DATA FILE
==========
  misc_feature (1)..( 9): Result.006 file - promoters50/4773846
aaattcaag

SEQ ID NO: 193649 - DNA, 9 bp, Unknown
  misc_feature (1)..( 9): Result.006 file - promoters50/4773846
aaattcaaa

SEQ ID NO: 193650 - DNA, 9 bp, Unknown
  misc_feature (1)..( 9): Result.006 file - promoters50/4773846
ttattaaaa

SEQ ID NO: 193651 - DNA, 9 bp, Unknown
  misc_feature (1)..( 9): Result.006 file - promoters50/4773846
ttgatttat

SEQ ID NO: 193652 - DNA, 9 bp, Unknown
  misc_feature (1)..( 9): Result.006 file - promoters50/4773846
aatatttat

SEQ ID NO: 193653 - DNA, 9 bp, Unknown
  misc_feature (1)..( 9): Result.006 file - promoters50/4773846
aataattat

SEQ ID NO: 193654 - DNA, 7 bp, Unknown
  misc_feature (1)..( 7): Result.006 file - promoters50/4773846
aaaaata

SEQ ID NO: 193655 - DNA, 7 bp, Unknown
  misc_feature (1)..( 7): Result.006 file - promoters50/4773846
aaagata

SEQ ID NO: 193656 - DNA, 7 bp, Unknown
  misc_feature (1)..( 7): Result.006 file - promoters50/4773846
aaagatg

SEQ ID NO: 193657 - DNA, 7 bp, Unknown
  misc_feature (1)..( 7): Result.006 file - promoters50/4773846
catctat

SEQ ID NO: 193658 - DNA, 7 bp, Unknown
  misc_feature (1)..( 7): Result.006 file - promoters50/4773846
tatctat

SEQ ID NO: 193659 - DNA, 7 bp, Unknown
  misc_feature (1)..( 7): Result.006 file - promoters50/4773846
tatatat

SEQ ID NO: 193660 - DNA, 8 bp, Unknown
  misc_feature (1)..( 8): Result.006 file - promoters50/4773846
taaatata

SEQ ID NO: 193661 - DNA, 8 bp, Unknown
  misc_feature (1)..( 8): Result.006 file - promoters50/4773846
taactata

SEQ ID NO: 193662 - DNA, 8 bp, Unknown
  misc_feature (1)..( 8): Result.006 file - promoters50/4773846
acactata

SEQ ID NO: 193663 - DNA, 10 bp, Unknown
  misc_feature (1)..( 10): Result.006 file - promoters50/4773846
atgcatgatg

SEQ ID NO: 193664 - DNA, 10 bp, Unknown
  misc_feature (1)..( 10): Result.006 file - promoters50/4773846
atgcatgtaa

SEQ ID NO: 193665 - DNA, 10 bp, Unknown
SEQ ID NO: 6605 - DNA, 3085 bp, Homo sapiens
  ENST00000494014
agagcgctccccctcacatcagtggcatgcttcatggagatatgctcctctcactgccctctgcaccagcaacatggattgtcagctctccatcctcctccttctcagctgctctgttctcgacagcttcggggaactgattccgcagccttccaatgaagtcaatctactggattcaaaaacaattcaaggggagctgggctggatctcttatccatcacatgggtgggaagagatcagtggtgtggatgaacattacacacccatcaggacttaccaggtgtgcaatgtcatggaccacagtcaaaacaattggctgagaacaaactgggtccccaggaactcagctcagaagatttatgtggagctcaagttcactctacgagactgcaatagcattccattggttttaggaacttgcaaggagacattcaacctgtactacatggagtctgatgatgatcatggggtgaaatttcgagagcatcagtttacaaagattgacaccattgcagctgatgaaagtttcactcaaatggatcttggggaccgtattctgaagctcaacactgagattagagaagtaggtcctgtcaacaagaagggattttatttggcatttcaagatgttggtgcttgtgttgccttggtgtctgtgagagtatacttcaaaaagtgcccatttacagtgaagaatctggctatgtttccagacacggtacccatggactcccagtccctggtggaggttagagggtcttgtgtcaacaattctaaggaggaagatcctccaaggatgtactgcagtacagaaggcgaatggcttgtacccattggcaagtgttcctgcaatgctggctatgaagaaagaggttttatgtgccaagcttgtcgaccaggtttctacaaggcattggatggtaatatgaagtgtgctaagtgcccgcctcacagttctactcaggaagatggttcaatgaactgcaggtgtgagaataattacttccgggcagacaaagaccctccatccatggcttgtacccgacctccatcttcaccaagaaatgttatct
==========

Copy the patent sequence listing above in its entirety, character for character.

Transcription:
  misc_feature (1)..( 9): Result.006 file - promoters50/4773846
aaattcaag

SEQ ID NO: 193649 - DNA, 9 bp, Unknown
  misc_feature (1)..( 9): Result.006 file - promoters50/4773846
aaattcaaa

SEQ ID NO: 193650 - DNA, 9 bp, Unknown
  misc_feature (1)..( 9): Result.006 file - promoters50/4773846
ttattaaaa

SEQ ID NO: 193651 - DNA, 9 bp, Unknown
  misc_feature (1)..( 9): Result.006 file - promoters50/4773846
ttgatttat

SEQ ID NO: 193652 - DNA, 9 bp, Unknown
  misc_feature (1)..( 9): Result.006 file - promoters50/4773846
aatatttat

SEQ ID NO: 193653 - DNA, 9 bp, Unknown
  misc_feature (1)..( 9): Result.006 file - promoters50/4773846
aataattat

SEQ ID NO: 193654 - DNA, 7 bp, Unknown
  misc_feature (1)..( 7): Result.006 file - promoters50/4773846
aaaaata

SEQ ID NO: 193655 - DNA, 7 bp, Unknown
  misc_feature (1)..( 7): Result.006 file - promoters50/4773846
aaagata

SEQ ID NO: 193656 - DNA, 7 bp, Unknown
  misc_feature (1)..( 7): Result.006 file - promoters50/4773846
aaagatg

SEQ ID NO: 193657 - DNA, 7 bp, Unknown
  misc_feature (1)..( 7): Result.006 file - promoters50/4773846
catctat

SEQ ID NO: 193658 - DNA, 7 bp, Unknown
  misc_feature (1)..( 7): Result.006 file - promoters50/4773846
tatctat

SEQ ID NO: 193659 - DNA, 7 bp, Unknown
  misc_feature (1)..( 7): Result.006 file - promoters50/4773846
tatatat

SEQ ID NO: 193660 - DNA, 8 bp, Unknown
  misc_feature (1)..( 8): Result.006 file - promoters50/4773846
taaatata

SEQ ID NO: 193661 - DNA, 8 bp, Unknown
  misc_feature (1)..( 8): Result.006 file - promoters50/4773846
taactata

SEQ ID NO: 193662 - DNA, 8 bp, Unknown
  misc_feature (1)..( 8): Result.006 file - promoters50/4773846
acactata

SEQ ID NO: 193663 - DNA, 10 bp, Unknown
  misc_feature (1)..( 10): Result.006 file - promoters50/4773846
atgcatgatg

SEQ ID NO: 193664 - DNA, 10 bp, Unknown
  misc_feature (1)..( 10): Result.006 file - promoters50/4773846
atgcatgtaa

SEQ ID NO: 193665 - DNA, 10 bp, Unknown
SEQ ID NO: 6605 - DNA, 3085 bp, Homo sapiens
  ENST00000494014
agagcgctccccctcacatcagtggcatgcttcatggagatatgctcctctcactgccctctgcaccagcaacatggattgtcagctctccatcctcctccttctcagctgctctgttctcgacagcttcggggaactgattccgcagccttccaatgaagtcaatctactggattcaaaaacaattcaaggggagctgggctggatctcttatccatcacatgggtgggaagagatcagtggtgtggatgaacattacacacccatcaggacttaccaggtgtgcaatgtcatggaccacagtcaaaacaattggctgagaacaaactgggtccccaggaactcagctcagaagatttatgtggagctcaagttcactctacgagactgcaatagcattccattggttttaggaacttgcaaggagacattcaacctgtactacatggagtctgatgatgatcatggggtgaaatttcgagagcatcagtttacaaagattgacaccattgcagctgatgaaagtttcactcaaatggatcttggggaccgtattctgaagctcaacactgagattagagaagtaggtcctgtcaacaagaagggattttatttggcatttcaagatgttggtgcttgtgttgccttggtgtctgtgagagtatacttcaaaaagtgcccatttacagtgaagaatctggctatgtttccagacacggtacccatggactcccagtccctggtggaggttagagggtcttgtgtcaacaattctaaggaggaagatcctccaaggatgtactgcagtacagaaggcgaatggcttgtacccattggcaagtgttcctgcaatgctggctatgaagaaagaggttttatgtgccaagcttgtcgaccaggtttctacaaggcattggatggtaatatgaagtgtgctaagtgcccgcctcacagttctactcaggaagatggttcaatgaactgcaggtgtgagaataattacttccgggcagacaaagaccctccatccatggcttgtacccgacctccatcttcaccaagaaatgttatct